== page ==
Nicholas Grassly is a Professor in the Department for Infectious Disease Epidemiology, head of the Vaccine Epidemiology Research Group and associate director of the MRC Centre for Global Infectious Disease Analysis. He works on vaccine trials and disease surveillance. His research brings together epidemiological analysis and laboratory testing to identify optimal methods for disease prevention, focusing on pathogens in low- and middle-income countries such as polio, rotavirus and typhoid. He works with a network of collaborators at institutes worldwide, including in the UK, DRC, France, Ghana, India, Malawi, Pakistan and Zambia.
He studied biology at Oxford University, trained in epidemiology at Imperial College London and learnt mathematics with the Open University. He was a Royal Society URF (2004-2011) and then Professor at Imperial College London (2011-present). He has served on various boards and committees, including the MRC Infections and Immunity Board (2012-16), the WHO SAGE polio group (2008-2020) and WHO SAGE COVID-19 vaccines working group (2020-2021). He teaches on the MSc (Epidemiology), MPH and undergraduate biomedical courses at Imperial College London. His work is funded by the MRC, Wellcome Trust, Royal Society, WHO and the Bill and Melinda Gates Foundation.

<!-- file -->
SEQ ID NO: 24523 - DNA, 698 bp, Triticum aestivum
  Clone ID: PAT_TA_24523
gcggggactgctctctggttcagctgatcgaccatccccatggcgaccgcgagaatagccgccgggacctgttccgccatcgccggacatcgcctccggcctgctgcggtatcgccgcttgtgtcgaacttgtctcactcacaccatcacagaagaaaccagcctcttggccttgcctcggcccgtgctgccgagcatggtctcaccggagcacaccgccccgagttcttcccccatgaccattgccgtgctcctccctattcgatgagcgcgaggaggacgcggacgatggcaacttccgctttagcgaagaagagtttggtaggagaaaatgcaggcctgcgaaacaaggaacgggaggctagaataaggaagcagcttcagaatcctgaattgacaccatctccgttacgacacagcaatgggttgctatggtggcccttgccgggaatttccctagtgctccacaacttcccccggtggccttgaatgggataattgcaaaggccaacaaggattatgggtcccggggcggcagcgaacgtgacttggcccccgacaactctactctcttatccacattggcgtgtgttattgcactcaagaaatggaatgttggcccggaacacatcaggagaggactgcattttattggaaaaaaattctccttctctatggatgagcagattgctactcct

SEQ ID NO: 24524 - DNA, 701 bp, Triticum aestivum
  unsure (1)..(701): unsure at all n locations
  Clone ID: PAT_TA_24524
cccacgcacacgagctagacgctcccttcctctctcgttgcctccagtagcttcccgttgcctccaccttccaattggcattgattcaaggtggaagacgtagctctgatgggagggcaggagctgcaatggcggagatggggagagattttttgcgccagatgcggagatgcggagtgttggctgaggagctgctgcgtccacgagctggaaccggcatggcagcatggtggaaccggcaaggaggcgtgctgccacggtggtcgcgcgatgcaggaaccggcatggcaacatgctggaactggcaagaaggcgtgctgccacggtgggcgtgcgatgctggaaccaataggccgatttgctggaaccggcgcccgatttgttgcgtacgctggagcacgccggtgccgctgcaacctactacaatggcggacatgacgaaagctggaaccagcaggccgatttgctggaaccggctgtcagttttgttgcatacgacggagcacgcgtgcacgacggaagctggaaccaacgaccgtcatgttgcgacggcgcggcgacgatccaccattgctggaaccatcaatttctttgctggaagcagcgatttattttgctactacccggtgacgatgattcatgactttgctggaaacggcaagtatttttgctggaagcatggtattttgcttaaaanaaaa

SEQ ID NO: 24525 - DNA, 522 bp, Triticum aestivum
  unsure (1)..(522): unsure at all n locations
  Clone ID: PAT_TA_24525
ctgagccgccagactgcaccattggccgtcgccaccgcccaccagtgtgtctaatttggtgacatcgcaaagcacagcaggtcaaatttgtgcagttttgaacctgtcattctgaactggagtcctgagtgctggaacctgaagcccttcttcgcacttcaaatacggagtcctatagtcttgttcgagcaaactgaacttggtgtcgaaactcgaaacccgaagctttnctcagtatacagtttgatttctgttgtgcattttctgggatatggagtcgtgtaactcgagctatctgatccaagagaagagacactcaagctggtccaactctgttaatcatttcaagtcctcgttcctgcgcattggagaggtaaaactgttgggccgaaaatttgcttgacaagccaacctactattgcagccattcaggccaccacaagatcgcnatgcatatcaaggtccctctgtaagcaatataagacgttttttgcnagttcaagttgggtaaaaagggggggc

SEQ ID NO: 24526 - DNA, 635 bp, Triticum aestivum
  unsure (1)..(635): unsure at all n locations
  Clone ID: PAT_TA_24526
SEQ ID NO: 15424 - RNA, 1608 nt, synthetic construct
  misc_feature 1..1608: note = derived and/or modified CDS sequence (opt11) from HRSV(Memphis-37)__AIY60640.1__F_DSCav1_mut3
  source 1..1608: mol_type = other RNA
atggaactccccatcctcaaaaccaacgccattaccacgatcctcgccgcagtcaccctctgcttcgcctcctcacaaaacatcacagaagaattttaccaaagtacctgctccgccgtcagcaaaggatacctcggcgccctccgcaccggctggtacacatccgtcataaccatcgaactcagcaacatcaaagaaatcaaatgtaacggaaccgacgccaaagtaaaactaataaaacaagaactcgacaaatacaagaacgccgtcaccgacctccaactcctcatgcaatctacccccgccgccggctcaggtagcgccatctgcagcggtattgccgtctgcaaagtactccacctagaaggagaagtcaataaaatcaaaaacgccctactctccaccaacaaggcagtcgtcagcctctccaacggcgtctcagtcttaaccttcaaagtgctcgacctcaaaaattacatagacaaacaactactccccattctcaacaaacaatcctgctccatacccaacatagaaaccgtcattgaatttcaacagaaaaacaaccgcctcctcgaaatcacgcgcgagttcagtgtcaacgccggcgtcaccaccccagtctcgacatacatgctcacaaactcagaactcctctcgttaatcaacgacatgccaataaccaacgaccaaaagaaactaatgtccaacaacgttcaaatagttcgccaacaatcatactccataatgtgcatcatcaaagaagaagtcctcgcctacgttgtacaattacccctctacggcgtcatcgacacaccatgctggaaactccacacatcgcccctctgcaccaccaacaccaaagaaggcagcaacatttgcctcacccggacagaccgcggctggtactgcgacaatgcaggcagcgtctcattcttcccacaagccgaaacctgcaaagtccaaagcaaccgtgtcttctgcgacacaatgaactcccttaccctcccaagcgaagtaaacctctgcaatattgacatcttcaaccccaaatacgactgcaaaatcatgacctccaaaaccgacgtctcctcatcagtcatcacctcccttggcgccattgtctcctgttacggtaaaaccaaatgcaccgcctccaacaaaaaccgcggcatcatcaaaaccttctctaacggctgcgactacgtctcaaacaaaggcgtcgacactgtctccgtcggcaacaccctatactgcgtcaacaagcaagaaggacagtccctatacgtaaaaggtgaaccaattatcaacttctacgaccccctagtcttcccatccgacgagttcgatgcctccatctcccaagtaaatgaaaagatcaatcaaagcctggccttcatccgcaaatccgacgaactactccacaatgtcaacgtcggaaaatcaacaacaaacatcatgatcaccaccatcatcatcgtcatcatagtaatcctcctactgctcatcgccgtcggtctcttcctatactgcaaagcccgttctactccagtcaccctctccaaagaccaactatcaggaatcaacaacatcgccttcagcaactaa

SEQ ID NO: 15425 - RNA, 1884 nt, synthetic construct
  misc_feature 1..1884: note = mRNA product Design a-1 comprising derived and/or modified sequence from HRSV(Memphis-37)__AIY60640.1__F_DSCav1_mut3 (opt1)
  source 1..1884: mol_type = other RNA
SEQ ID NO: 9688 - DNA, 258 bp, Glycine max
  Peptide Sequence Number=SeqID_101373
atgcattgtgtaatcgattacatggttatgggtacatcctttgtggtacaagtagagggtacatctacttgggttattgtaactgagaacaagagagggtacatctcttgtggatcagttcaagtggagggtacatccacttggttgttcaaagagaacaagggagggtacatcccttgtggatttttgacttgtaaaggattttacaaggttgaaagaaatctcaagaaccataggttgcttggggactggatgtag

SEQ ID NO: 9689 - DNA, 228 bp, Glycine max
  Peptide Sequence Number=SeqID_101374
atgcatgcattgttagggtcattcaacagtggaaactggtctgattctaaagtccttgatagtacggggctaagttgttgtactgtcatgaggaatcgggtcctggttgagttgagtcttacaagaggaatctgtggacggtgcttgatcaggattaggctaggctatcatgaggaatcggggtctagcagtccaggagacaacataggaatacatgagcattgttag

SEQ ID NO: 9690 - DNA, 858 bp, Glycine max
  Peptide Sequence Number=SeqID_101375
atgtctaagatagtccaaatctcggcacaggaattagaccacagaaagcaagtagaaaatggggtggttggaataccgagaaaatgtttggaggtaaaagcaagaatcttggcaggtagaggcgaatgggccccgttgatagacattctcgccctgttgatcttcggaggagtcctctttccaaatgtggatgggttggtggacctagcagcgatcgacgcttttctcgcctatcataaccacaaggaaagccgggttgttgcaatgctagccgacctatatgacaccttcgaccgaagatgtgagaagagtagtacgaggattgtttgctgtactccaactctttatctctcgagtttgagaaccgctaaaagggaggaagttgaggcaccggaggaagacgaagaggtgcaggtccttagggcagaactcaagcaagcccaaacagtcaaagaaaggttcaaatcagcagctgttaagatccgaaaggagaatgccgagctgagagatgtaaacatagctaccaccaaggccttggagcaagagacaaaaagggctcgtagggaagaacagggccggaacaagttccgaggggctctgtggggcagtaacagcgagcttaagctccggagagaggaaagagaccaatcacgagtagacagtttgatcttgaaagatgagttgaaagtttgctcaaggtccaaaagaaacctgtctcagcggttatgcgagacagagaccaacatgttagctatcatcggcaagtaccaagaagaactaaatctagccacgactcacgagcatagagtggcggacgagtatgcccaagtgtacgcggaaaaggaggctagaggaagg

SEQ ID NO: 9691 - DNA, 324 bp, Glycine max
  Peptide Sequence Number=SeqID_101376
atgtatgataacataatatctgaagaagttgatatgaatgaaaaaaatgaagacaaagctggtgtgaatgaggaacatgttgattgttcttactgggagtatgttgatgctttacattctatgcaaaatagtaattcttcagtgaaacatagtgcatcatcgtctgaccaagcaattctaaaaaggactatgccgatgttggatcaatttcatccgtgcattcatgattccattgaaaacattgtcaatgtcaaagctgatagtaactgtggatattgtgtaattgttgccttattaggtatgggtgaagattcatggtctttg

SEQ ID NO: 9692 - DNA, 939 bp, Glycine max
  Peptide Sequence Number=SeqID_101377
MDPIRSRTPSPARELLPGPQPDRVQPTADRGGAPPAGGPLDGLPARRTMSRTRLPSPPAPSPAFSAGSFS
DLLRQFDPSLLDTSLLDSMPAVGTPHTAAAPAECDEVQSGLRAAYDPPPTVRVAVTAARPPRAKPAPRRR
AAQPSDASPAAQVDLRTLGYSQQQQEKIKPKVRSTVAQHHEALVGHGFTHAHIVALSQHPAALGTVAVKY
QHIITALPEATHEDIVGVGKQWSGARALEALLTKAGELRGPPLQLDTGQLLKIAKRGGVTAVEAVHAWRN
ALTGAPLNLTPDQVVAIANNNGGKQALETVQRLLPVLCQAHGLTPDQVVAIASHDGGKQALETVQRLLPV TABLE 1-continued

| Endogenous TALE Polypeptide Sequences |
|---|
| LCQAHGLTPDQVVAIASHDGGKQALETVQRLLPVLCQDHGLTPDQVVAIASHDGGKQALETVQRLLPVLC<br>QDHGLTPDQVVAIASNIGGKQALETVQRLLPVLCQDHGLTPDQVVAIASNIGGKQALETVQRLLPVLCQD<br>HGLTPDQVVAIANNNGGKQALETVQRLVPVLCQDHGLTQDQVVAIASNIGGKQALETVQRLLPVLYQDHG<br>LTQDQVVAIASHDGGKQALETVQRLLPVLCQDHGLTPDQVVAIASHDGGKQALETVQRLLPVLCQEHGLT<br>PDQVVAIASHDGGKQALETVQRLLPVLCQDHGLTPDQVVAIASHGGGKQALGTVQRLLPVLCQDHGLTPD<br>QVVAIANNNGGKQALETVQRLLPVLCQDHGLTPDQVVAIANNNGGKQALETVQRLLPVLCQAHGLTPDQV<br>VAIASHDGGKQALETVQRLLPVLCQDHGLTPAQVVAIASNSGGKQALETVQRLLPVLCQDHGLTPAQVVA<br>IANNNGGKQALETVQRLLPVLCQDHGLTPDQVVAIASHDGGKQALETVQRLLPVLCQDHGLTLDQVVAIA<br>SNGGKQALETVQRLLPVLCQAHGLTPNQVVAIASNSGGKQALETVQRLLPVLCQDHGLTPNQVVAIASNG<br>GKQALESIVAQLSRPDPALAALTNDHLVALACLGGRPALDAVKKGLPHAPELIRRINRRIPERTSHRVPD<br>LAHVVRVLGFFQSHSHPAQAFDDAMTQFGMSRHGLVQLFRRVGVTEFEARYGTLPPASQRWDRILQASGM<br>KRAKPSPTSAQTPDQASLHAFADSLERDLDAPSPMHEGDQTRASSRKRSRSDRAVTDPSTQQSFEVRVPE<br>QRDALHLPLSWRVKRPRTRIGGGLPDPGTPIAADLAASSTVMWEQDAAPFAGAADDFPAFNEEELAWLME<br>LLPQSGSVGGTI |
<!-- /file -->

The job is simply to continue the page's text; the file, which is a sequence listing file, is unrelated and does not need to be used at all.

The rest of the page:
Current research topics: Rapid diagnostics for poliovirus surveillance; Epidemiology of polio eradication and endgame strategy; Environmental surveillance; Vaccine clinical trial design; Causes of oral vaccine failure (rotavirus and poliovirus); Human infection challenge for vaccine development; Typhoid epidemiology
et al., 2022, Reassessing reported deaths and estimated infection attack rate during the first 6 months of the COVID-19 epidemic, Delhi, India., Emerging Infectious Diseases, Vol:28, ISSN:1080-6040
et al., 2022, Risk factors for the spread of vaccine-derived type 2 polioviruses after global withdrawal of trivalent oral poliovirus vaccine and the effects of outbreak responses with monovalent vaccine: a retrospective analysis of surveillance data for 51 countries in Africa, Lancet Infectious Diseases, Vol:22, ISSN:1473-3099, Pages:284-294
et al., 2021, Impact of maternal antibodies and microbiota development on the immunogenicity of oral rotavirus vaccine in African, Indian, and European infants, Nature Communications, Vol:12
et al., 2021, Salmonella Typhi Shedding and Household Transmission by Children With Blood Culture-Confirmed Typhoid Fever in Vellore, South India, Journal of Infectious Diseases, Vol:224, ISSN:0022-1899, Pages:S593-S600
et al., 2021, Factors Predicting Blood Culture Positivity Children With Enteric Fever, Journal of Infectious Diseases, Vol:224, ISSN:0022-1899, Pages:S484-S493